According to Georgian: A Reading Grammar by Howard I. Aronson, Georgian has many "harmonic clusters" consisting of two consonants pronounced with only a single release. (The consonants must be stops or affricates, I guess, but the distinction between stops, affricates, and fricatives in Georgian is something I don't understand very well since it seems that some phonemes can be rendered in multiple ways.)

The examples he gives, which are supposed to be exhaustive, are as follows (using the official romanization: apostrophe to denote ejectives, q to denote a uvular or thereabouts stop or affricate or fricative, and kh/gh to denote an unvoiced/voiced probably post-velar affricate or fricative):

bg, dg, dzg, jg
pk, tk, tsk, chk
p'k', t'k', ts'k', ch'k'

bgh, dgh, dzgh, jgh
pkh, tkh, tskh, chkh
p'q', t'q', ts'q', ch'q'

My question is how these clusters are actually produced (and more generally whether Aronson's description is correct). It seems impossible to literally have a single release. What I suspect is meant is that the tongue starts with two points of contact against the roof of the mouth, but at the forward point it is held against the mouth rather loosely so that when the back stop releases the released air almost immediately causes the front stop to release.

It happens so fast that the releases are perceived as simultaneous and the writing system even puts the front stop first. I think I can produce such an effect when only stops are involved, but I find it hard to apply this theory to the clusters in the fourth and fifth lines above (those involving kh and gh).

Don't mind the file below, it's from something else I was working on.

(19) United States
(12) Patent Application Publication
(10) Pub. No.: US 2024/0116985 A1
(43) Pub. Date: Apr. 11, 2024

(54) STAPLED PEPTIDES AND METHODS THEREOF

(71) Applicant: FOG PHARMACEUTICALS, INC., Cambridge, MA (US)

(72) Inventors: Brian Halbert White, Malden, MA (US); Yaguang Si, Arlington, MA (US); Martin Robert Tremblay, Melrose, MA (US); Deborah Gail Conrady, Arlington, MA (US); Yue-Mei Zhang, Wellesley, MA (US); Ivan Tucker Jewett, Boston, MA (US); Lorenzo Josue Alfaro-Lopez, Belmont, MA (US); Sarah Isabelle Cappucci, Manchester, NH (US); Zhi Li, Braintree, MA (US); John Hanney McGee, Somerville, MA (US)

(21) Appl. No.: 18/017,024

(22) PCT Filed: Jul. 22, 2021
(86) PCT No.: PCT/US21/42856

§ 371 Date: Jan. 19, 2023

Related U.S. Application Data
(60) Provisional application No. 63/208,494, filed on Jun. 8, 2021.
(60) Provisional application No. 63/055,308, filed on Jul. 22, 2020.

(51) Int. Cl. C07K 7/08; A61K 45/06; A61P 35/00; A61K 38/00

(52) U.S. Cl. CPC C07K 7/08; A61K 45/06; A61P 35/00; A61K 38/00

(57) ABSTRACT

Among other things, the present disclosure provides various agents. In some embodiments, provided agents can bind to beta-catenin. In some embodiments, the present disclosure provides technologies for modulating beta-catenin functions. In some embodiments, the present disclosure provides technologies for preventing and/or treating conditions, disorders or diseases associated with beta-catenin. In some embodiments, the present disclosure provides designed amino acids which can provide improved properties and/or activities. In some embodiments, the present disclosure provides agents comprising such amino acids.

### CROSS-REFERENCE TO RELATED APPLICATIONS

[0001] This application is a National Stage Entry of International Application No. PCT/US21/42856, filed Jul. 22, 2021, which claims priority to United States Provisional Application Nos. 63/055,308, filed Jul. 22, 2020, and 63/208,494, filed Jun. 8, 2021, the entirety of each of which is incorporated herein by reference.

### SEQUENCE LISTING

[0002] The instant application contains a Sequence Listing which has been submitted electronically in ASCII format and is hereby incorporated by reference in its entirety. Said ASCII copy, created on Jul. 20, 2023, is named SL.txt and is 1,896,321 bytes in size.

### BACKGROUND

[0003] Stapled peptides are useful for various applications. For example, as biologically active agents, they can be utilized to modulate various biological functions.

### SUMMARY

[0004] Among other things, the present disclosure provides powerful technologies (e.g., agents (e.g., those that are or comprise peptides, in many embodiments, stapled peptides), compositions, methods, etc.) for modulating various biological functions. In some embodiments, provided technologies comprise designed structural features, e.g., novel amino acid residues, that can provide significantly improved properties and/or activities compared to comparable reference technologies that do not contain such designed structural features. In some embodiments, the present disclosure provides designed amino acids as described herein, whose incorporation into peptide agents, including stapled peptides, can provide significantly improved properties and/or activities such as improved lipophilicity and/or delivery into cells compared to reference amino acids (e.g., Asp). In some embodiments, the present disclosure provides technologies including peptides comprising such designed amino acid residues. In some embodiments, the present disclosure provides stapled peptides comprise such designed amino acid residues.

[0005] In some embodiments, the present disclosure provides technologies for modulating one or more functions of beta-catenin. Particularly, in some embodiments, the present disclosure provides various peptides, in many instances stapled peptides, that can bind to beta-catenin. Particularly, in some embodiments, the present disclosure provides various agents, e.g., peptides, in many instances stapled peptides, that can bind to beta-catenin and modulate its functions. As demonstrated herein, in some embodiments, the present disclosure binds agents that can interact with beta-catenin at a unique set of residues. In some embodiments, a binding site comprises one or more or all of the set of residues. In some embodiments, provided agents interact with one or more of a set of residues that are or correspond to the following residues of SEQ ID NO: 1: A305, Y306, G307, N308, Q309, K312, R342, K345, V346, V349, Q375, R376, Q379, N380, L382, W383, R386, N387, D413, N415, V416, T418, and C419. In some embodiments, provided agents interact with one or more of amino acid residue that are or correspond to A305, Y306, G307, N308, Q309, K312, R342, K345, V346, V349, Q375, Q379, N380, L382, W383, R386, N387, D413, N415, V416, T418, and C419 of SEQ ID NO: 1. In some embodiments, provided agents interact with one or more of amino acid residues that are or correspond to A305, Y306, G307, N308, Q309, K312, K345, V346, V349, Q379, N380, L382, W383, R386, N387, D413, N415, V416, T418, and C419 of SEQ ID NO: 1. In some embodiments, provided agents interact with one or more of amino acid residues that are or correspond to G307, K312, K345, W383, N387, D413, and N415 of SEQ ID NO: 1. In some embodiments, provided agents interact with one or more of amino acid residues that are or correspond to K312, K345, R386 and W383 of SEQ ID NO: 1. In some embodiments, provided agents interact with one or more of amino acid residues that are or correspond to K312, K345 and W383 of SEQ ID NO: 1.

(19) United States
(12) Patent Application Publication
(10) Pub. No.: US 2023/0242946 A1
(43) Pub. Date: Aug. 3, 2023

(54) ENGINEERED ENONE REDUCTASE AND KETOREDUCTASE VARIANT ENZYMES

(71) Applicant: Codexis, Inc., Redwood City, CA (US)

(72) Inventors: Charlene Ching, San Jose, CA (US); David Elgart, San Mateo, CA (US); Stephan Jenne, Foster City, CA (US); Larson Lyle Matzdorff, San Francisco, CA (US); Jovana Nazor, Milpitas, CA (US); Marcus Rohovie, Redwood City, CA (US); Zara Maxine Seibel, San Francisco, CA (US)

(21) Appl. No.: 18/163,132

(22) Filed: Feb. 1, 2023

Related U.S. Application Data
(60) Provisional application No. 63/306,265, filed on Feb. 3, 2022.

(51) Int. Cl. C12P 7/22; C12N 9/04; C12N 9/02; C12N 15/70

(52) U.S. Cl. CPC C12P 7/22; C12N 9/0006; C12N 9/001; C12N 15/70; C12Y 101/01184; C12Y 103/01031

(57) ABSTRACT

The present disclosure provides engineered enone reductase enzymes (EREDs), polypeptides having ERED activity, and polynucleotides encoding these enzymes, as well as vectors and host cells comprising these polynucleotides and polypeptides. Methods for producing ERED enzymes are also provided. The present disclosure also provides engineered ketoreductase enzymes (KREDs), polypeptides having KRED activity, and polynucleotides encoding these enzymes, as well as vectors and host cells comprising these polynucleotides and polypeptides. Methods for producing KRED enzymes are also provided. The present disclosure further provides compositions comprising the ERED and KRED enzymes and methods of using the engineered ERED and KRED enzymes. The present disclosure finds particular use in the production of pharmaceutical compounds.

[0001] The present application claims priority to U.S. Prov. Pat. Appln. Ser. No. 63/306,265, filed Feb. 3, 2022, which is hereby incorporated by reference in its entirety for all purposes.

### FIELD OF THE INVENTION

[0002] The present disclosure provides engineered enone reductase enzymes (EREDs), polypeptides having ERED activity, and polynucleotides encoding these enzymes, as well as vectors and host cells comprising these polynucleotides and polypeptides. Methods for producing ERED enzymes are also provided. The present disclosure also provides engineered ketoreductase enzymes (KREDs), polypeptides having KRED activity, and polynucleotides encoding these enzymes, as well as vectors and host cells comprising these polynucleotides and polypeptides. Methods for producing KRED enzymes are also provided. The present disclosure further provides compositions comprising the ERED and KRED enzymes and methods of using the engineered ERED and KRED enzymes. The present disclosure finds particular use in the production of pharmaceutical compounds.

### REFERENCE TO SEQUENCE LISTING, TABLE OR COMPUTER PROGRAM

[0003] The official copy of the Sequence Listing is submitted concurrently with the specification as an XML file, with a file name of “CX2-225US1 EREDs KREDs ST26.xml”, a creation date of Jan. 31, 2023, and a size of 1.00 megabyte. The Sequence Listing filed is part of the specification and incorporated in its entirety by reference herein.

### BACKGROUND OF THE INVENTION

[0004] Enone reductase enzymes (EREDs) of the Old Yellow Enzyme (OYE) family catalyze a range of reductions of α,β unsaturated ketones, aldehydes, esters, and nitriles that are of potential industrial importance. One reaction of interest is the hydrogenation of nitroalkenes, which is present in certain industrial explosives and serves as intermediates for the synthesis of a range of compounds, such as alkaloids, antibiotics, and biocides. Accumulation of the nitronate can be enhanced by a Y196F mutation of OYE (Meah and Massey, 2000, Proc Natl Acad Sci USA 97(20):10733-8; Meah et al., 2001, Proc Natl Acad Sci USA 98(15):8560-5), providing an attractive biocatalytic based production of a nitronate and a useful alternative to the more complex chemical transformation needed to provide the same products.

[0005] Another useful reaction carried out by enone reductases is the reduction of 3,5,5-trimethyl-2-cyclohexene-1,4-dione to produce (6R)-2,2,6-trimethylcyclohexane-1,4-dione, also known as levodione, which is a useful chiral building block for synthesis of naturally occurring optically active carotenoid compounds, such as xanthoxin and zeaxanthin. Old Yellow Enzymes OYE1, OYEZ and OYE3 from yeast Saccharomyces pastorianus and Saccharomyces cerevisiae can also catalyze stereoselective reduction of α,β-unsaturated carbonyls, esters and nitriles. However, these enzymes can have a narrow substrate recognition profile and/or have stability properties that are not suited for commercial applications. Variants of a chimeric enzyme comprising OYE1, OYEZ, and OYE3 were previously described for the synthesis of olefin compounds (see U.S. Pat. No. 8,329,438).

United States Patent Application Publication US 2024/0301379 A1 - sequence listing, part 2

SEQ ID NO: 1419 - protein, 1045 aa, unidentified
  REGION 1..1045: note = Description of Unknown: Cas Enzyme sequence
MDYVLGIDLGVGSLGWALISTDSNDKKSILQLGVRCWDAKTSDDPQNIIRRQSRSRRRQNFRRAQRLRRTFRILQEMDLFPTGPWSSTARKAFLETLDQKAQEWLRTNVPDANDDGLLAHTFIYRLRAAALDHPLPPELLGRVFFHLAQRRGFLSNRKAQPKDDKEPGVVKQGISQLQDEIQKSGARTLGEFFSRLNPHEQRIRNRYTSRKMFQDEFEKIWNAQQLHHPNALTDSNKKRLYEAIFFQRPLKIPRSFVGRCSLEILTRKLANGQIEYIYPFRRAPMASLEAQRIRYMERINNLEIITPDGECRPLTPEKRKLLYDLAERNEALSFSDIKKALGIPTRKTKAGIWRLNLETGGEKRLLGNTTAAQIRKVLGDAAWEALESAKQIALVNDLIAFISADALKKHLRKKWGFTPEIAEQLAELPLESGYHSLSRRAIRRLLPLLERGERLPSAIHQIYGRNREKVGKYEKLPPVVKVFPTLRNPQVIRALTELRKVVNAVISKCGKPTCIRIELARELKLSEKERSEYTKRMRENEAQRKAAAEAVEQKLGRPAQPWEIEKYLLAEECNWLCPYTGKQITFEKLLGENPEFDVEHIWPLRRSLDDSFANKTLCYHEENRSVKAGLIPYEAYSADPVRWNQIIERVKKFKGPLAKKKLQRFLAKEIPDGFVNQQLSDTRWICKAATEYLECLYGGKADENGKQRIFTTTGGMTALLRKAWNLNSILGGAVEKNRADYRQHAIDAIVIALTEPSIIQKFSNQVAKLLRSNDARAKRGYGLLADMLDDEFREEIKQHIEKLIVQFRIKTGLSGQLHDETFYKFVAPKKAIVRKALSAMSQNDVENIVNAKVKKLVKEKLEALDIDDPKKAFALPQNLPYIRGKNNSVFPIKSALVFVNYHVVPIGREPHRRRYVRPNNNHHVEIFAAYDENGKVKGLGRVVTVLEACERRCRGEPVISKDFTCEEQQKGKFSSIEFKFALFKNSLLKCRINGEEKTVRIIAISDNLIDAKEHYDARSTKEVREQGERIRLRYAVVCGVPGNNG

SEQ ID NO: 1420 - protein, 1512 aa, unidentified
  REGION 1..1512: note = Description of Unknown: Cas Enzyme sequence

• I believe it does in fact mean that there is only one release and sometimes the intermediate sounds are even glossed over to some degree. I'm sure I read this recently if not in Aronson then in one of the other more thorough textbooks on Georgian or perhaps some paper I Googled up when looking for something else. I had the impression that the concept was something traditionally in Georgian grammars though rather than something Aronson came up with. Commented Aug 27, 2013 at 18:57
  • 1
    For sure, hippietrail, I didn't mean to give the impression I thought harmonic clusters were a notion Aronson had come up with himself. But others may explain them differently from him, and since I was basing my question on information I got from his book, I referred it to him.
    – user39080
    Commented Aug 27, 2013 at 19:08
  • Oh sorry I also didn't mean to imply you did think that, I just wanted to include that I thought they were an old concept but I didn't choose my words very well. Commented Aug 27, 2013 at 19:19
  • I think that hippietrail is correct here in that it does mean that there is one release. I also seem to remember reading it somewhere (maybe in something by Hewitt?) and Tschenkeli, who incidentally also refers to them as "harmonische Gruppen" notes in his Einführung in die Georgische Sprache that harmonic clusters should not be split when dividing a word into syllables, which to my mind implies that there is only one release.